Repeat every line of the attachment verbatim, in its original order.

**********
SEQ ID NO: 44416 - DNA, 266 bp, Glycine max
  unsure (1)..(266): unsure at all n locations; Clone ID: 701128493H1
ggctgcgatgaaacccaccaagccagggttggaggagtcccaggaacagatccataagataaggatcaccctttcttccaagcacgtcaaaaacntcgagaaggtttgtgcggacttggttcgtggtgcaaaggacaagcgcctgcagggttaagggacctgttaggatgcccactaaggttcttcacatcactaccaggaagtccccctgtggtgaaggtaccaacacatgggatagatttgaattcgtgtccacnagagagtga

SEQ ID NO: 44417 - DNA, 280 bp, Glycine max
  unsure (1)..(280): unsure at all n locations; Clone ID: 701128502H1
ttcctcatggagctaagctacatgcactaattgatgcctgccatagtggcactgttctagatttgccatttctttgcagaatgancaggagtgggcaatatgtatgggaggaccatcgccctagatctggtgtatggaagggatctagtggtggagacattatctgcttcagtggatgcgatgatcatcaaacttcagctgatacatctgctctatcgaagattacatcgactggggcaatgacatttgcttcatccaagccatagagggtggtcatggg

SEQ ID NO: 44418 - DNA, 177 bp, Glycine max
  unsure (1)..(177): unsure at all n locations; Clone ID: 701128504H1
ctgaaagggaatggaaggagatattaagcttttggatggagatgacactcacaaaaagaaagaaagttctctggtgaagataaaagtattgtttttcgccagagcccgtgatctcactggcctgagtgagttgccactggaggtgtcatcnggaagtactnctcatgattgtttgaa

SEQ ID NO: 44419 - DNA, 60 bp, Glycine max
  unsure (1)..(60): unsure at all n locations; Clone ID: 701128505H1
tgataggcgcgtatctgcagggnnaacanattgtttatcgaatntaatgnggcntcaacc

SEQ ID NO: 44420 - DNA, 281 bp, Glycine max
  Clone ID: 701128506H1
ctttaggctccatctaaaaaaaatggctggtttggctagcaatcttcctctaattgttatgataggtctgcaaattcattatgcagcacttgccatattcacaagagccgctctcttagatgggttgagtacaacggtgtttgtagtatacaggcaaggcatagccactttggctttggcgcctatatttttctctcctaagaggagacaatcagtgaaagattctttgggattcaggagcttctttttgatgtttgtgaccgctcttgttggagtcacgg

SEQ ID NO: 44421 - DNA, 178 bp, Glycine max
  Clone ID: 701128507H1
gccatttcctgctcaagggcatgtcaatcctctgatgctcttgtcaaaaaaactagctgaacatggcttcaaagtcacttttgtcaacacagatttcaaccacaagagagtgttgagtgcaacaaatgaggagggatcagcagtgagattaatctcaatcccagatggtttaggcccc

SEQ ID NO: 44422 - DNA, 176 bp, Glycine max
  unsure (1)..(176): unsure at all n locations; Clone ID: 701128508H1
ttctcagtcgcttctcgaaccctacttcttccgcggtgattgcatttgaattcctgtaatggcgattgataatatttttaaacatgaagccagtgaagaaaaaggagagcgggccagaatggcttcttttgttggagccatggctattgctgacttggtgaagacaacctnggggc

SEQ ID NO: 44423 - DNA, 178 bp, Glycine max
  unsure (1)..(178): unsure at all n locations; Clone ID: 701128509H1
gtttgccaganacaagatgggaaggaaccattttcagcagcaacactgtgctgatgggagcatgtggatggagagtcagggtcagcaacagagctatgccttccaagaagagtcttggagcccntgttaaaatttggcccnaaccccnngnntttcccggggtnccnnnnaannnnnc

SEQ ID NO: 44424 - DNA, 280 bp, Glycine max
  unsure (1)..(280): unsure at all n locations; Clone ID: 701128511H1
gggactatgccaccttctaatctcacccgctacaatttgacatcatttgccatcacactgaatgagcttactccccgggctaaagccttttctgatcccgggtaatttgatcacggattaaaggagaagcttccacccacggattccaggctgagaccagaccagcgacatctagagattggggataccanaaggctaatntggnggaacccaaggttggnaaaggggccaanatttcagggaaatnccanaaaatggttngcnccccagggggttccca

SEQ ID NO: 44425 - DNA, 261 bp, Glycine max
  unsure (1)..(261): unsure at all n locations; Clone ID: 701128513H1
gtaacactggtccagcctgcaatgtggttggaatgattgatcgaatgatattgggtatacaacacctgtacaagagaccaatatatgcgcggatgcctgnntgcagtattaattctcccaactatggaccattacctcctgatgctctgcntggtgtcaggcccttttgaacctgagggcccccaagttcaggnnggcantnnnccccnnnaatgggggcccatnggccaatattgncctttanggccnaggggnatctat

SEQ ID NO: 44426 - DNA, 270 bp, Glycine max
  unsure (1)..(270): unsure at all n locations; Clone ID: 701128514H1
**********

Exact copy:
SEQ ID NO: 44416 - DNA, 266 bp, Glycine max
  unsure (1)..(266): unsure at all n locations; Clone ID: 701128493H1
ggctgcgatgaaacccaccaagccagggttggaggagtcccaggaacagatccataagataaggatcaccctttcttccaagcacgtcaaaaacntcgagaaggtttgtgcggacttggttcgtggtgcaaaggacaagcgcctgcagggttaagggacctgttaggatgcccactaaggttcttcacatcactaccaggaagtccccctgtggtgaaggtaccaacacatgggatagatttgaattcgtgtccacnagagagtga

SEQ ID NO: 44417 - DNA, 280 bp, Glycine max
  unsure (1)..(280): unsure at all n locations; Clone ID: 701128502H1
ttcctcatggagctaagctacatgcactaattgatgcctgccatagtggcactgttctagatttgccatttctttgcagaatgancaggagtgggcaatatgtatgggaggaccatcgccctagatctggtgtatggaagggatctagtggtggagacattatctgcttcagtggatgcgatgatcatcaaacttcagctgatacatctgctctatcgaagattacatcgactggggcaatgacatttgcttcatccaagccatagagggtggtcatggg

SEQ ID NO: 44418 - DNA, 177 bp, Glycine max
  unsure (1)..(177): unsure at all n locations; Clone ID: 701128504H1
ctgaaagggaatggaaggagatattaagcttttggatggagatgacactcacaaaaagaaagaaagttctctggtgaagataaaagtattgtttttcgccagagcccgtgatctcactggcctgagtgagttgccactggaggtgtcatcnggaagtactnctcatgattgtttgaa

SEQ ID NO: 44419 - DNA, 60 bp, Glycine max
  unsure (1)..(60): unsure at all n locations; Clone ID: 701128505H1
tgataggcgcgtatctgcagggnnaacanattgtttatcgaatntaatgnggcntcaacc

SEQ ID NO: 44420 - DNA, 281 bp, Glycine max
  Clone ID: 701128506H1
ctttaggctccatctaaaaaaaatggctggtttggctagcaatcttcctctaattgttatgataggtctgcaaattcattatgcagcacttgccatattcacaagagccgctctcttagatgggttgagtacaacggtgtttgtagtatacaggcaaggcatagccactttggctttggcgcctatatttttctctcctaagaggagacaatcagtgaaagattctttgggattcaggagcttctttttgatgtttgtgaccgctcttgttggagtcacgg

SEQ ID NO: 44421 - DNA, 178 bp, Glycine max
  Clone ID: 701128507H1
gccatttcctgctcaagggcatgtcaatcctctgatgctcttgtcaaaaaaactagctgaacatggcttcaaagtcacttttgtcaacacagatttcaaccacaagagagtgttgagtgcaacaaatgaggagggatcagcagtgagattaatctcaatcccagatggtttaggcccc

SEQ ID NO: 44422 - DNA, 176 bp, Glycine max
  unsure (1)..(176): unsure at all n locations; Clone ID: 701128508H1
ttctcagtcgcttctcgaaccctacttcttccgcggtgattgcatttgaattcctgtaatggcgattgataatatttttaaacatgaagccagtgaagaaaaaggagagcgggccagaatggcttcttttgttggagccatggctattgctgacttggtgaagacaacctnggggc

SEQ ID NO: 44423 - DNA, 178 bp, Glycine max
  unsure (1)..(178): unsure at all n locations; Clone ID: 701128509H1
gtttgccaganacaagatgggaaggaaccattttcagcagcaacactgtgctgatgggagcatgtggatggagagtcagggtcagcaacagagctatgccttccaagaagagtcttggagcccntgttaaaatttggcccnaaccccnngnntttcccggggtnccnnnnaannnnnc

SEQ ID NO: 44424 - DNA, 280 bp, Glycine max
  unsure (1)..(280): unsure at all n locations; Clone ID: 701128511H1
gggactatgccaccttctaatctcacccgctacaatttgacatcatttgccatcacactgaatgagcttactccccgggctaaagccttttctgatcccgggtaatttgatcacggattaaaggagaagcttccacccacggattccaggctgagaccagaccagcgacatctagagattggggataccanaaggctaatntggnggaacccaaggttggnaaaggggccaanatttcagggaaatnccanaaaatggttngcnccccagggggttccca

SEQ ID NO: 44425 - DNA, 261 bp, Glycine max
  unsure (1)..(261): unsure at all n locations; Clone ID: 701128513H1
gtaacactggtccagcctgcaatgtggttggaatgattgatcgaatgatattgggtatacaacacctgtacaagagaccaatatatgcgcggatgcctgnntgcagtattaattctcccaactatggaccattacctcctgatgctctgcntggtgtcaggcccttttgaacctgagggcccccaagttcaggnnggcantnnnccccnnnaatgggggcccatnggccaatattgncctttanggccnaggggnatctat

SEQ ID NO: 44426 - DNA, 270 bp, Glycine max
  unsure (1)..(270): unsure at all n locations; Clone ID: 701128514H1